The mechanics of
The Beach Apparatus
of the
United States Lifesaving Service
and early
United States Coast Guard
by Larry Grubbs – Station Keeper, Chicamacomico Lifesaving Station

Lyle Gun being fired

The Lyle Gun is fired during a Beach Apparatus Drill at Chicamacomico Lifesaving Station. See the shot line leading from the faking box at right to the shot, which is lost in the cloud of smoke. The range officer on the dunes assures a clear beach for the projectile to land. Each station had a Wreck Pole like the one in the background, this represented the mast of a ship during Beach Apparatus Drills.

The Beach Apparatus, also known as the Breeches Buoy or Beach Apparatus Drill, refers to a means of land-based rescue with origins dating back to the 18th century.

Perfected by the Station Keepers and crews of USLSS Stations in the late 18th century, it remained an integral part of their training and operations until the onset of helicopter rescue by the US Coast Guard in the 1950’s. Beach Apparatus is the equipment used in the operation. Breeches Buoy refers to the specific piece of equipment in which the person being rescued was transferred from ship to shore. Beach Apparatus Drill was the weekly practice of this means of rescue, performed every Thursday at 2pm at all USLSS, and later, USCG Stations. Until their mass-decommissioning in the mid-to-late 1950’s, more than 177,000 lives were saved using the Beach Apparatus and Surfboats of the USLSS and USCG. The Beach Apparatus was the preferred method of rescue employed by the crews, as it was much safer than launching surfboats into violent, storm-tossed seas.

Whip Reels mounted on the Beach Apparatus Cart

The Whip Reels mounted on the Beach Apparatus Cart at Chicamacomico. Each piece of equipment had a specific place on the cart and was loaded and unloaded by the Surfman responsible for its placement and use. It was imperative that the team perform flawlessly and that each man know the job of the man next to him, should one go down or be unavailable.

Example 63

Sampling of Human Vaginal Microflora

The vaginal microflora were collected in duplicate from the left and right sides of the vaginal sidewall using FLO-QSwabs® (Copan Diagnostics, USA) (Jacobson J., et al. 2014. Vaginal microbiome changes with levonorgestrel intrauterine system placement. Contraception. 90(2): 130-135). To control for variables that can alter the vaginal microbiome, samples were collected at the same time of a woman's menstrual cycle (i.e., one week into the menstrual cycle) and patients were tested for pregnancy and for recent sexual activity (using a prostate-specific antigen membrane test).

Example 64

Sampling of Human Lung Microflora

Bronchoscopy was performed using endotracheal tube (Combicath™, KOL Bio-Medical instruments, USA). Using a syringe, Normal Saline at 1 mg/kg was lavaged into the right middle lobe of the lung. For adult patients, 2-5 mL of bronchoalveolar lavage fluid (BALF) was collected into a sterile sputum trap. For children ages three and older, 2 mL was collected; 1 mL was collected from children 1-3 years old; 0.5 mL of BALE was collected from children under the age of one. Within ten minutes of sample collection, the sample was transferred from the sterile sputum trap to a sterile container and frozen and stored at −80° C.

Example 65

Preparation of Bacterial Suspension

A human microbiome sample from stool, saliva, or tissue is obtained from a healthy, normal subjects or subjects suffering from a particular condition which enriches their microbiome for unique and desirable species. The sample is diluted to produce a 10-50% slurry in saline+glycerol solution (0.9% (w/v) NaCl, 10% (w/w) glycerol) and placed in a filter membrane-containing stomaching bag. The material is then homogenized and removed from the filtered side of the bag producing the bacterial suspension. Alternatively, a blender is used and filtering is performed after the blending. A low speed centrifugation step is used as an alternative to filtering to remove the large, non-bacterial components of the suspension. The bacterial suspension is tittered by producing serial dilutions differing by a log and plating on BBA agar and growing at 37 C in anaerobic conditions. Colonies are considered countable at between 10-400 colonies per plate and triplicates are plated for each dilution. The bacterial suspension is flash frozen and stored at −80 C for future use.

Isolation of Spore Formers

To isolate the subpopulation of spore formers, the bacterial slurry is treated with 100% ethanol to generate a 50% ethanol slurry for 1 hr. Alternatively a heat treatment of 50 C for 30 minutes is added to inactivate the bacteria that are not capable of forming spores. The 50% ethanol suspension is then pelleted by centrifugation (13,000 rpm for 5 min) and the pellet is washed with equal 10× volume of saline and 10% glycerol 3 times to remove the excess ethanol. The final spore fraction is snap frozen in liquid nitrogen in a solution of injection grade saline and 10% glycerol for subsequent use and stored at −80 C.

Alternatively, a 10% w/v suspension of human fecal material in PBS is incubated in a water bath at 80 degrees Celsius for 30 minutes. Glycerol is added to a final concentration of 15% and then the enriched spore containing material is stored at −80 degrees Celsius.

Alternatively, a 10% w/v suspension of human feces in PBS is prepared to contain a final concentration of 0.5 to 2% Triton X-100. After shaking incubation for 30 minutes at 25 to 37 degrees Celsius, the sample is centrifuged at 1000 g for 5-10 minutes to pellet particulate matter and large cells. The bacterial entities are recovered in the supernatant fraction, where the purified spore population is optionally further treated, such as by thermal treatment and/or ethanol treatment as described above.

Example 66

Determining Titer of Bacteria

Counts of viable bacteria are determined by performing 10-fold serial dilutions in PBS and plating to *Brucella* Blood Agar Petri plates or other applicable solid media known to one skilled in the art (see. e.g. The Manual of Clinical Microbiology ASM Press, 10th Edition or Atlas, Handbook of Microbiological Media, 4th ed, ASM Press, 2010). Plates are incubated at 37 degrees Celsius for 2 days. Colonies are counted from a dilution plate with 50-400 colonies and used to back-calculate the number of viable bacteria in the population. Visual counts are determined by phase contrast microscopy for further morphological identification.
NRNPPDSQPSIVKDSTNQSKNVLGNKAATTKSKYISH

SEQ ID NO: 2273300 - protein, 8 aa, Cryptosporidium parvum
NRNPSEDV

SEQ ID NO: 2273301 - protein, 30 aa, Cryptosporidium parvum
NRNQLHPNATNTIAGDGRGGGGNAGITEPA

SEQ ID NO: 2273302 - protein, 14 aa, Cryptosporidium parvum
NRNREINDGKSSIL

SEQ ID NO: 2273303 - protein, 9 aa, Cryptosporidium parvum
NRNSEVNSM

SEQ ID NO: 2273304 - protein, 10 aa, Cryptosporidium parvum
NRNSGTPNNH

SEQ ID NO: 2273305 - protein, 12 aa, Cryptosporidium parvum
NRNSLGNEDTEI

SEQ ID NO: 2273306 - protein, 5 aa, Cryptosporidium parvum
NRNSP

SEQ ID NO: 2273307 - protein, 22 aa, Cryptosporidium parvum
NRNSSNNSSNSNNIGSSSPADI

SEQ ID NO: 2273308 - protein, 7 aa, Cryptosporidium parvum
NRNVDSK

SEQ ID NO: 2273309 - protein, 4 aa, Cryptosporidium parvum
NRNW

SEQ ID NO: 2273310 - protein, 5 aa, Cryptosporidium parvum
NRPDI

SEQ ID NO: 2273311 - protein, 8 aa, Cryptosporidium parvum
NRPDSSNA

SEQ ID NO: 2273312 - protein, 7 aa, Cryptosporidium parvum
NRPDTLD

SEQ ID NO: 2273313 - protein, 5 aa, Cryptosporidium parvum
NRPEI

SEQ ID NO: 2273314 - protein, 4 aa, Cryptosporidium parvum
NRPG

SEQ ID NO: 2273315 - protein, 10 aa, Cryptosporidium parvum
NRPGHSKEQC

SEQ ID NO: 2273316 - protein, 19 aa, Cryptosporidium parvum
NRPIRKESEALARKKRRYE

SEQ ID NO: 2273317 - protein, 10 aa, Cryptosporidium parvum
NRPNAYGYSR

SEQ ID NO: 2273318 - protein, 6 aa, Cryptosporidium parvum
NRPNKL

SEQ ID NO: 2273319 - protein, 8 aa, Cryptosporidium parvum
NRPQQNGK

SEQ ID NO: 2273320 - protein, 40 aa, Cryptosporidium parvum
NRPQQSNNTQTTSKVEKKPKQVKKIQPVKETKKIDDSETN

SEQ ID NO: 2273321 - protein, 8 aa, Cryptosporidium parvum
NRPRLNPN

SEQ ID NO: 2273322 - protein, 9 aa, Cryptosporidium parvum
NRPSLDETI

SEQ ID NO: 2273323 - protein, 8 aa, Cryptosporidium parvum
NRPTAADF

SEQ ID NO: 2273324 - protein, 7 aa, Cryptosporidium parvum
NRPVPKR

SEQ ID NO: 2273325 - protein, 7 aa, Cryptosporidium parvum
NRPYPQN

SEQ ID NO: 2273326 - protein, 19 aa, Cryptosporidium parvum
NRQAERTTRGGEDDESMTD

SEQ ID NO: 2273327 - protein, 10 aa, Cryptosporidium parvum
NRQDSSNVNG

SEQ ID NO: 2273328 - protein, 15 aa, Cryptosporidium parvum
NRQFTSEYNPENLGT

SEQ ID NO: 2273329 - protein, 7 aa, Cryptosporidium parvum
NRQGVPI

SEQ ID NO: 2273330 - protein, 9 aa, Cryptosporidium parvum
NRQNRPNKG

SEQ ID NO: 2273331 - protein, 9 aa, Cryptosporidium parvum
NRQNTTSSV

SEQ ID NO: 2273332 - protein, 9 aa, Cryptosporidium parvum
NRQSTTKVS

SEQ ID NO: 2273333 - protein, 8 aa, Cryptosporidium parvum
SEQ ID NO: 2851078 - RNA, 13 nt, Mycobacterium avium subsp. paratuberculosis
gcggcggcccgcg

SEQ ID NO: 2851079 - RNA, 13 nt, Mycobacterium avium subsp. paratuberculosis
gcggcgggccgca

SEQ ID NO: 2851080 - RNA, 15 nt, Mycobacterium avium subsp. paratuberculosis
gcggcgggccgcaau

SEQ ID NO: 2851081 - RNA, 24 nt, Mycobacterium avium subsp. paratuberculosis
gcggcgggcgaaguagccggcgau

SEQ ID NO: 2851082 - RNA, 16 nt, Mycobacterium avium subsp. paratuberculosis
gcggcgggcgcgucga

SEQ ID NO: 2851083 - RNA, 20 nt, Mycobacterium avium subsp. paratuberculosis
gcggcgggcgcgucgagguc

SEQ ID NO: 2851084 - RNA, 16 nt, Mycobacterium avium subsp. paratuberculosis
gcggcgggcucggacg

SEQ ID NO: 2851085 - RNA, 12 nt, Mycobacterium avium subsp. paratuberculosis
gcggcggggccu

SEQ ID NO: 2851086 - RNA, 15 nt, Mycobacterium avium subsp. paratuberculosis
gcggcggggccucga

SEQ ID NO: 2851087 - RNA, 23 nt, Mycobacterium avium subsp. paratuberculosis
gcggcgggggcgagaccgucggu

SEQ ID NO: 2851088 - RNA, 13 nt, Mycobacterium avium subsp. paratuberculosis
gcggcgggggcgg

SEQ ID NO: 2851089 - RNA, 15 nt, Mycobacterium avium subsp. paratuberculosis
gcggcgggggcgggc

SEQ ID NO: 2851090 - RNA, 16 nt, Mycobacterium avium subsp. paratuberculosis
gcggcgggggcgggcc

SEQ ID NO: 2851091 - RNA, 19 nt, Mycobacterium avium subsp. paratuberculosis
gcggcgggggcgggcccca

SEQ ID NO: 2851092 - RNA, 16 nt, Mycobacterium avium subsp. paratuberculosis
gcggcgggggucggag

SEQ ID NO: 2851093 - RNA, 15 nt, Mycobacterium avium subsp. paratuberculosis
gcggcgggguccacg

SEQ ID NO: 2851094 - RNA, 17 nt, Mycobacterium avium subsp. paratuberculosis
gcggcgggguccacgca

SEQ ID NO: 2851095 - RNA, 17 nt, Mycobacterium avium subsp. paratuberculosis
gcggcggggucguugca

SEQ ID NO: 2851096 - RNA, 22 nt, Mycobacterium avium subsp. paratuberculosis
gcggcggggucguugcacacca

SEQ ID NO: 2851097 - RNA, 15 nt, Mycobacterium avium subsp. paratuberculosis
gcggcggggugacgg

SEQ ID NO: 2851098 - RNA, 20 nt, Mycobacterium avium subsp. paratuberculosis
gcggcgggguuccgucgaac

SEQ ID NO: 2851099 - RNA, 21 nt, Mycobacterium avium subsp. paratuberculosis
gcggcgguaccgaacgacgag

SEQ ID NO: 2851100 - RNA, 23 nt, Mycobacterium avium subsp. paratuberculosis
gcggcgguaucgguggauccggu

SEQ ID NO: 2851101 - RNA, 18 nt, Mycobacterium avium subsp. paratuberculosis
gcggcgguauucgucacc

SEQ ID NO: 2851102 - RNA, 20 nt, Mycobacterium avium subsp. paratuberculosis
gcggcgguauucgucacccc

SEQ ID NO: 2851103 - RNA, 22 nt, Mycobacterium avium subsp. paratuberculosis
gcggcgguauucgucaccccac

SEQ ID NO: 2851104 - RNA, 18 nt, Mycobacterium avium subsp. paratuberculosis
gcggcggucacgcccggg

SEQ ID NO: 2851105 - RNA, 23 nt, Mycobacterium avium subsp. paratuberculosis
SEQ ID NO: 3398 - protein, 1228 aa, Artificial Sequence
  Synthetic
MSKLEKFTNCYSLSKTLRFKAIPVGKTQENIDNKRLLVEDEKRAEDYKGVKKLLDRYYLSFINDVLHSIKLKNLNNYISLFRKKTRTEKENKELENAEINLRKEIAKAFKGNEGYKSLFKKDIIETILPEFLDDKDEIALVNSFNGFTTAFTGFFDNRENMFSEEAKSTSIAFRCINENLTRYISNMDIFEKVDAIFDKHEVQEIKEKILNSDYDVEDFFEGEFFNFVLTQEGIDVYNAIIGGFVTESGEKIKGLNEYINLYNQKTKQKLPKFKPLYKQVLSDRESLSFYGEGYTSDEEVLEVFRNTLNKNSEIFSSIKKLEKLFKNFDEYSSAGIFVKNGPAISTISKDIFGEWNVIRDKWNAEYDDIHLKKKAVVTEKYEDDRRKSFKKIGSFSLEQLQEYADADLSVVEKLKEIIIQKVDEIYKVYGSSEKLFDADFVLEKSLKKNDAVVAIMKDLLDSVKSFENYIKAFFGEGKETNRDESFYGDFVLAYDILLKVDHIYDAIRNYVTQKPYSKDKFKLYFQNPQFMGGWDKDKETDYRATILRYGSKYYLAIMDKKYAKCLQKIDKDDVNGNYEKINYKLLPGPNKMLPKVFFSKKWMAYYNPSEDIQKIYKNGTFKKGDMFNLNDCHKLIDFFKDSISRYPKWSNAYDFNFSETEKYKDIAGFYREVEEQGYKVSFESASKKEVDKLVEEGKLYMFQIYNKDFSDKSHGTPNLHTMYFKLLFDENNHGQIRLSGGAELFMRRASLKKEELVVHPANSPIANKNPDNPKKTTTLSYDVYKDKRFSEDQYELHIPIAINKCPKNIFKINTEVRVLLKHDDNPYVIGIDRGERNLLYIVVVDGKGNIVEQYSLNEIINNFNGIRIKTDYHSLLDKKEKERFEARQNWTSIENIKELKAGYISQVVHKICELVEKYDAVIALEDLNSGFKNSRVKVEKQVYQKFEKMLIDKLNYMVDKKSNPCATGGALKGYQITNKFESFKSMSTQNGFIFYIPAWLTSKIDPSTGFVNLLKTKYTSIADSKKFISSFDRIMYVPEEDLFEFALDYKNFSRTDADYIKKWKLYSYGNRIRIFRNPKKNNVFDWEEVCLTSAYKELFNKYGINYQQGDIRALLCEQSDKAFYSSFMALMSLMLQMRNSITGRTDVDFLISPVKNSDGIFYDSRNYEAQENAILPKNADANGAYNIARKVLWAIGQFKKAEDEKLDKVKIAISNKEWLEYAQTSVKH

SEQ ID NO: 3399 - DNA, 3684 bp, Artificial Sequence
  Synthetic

The Beach Apparatus consisted of a small, cannon-like gun, the Lyle Gun, which sent the initial line, the shot line, to the distressed ship. The shot line was the smallest diameter of the lines, ranging from ¼” to ½”. The shot line needed to be very long, due to being fired from the Lyle Gun, the impact of the wind while airborne, and ocean current when in the sea. The Keeper would determine which diameter to use based on a combination of distance to the ship, the wind and ocean current.

The Lyle Gun could fire about 700 yards, depending on weather conditions and the diameter of shot line used. The projectile, or shot, from the gun, carried the shot line to the wreck when fired from the Lyle Gun. If the Lyle Gun were a cannon, it would be considered a “two-pounder”, meaning it would fire about a two pound ball. However, the projectile from the Lyle Gun weighs 18 pounds due to the momentum required to pull the shot line out to the wreck.

The photo above shows the Whip Block, the Tail of the Whip and Whip Line as each side makes its way back to its respective Reel. This block allowed two-way transport of lines, equipment and men to and from the ship. The Tail of the Whip, coiled at the right of the photo was attached to the mast of the ship. The Whip Reels were not used to reel the Whip Lines in and out during rescues, this was done by the Surfmen on shore “Shifting on the Whip”, or running with the whip line over his shoulder. The Whip Reels were solely for storage and transport of the line itself.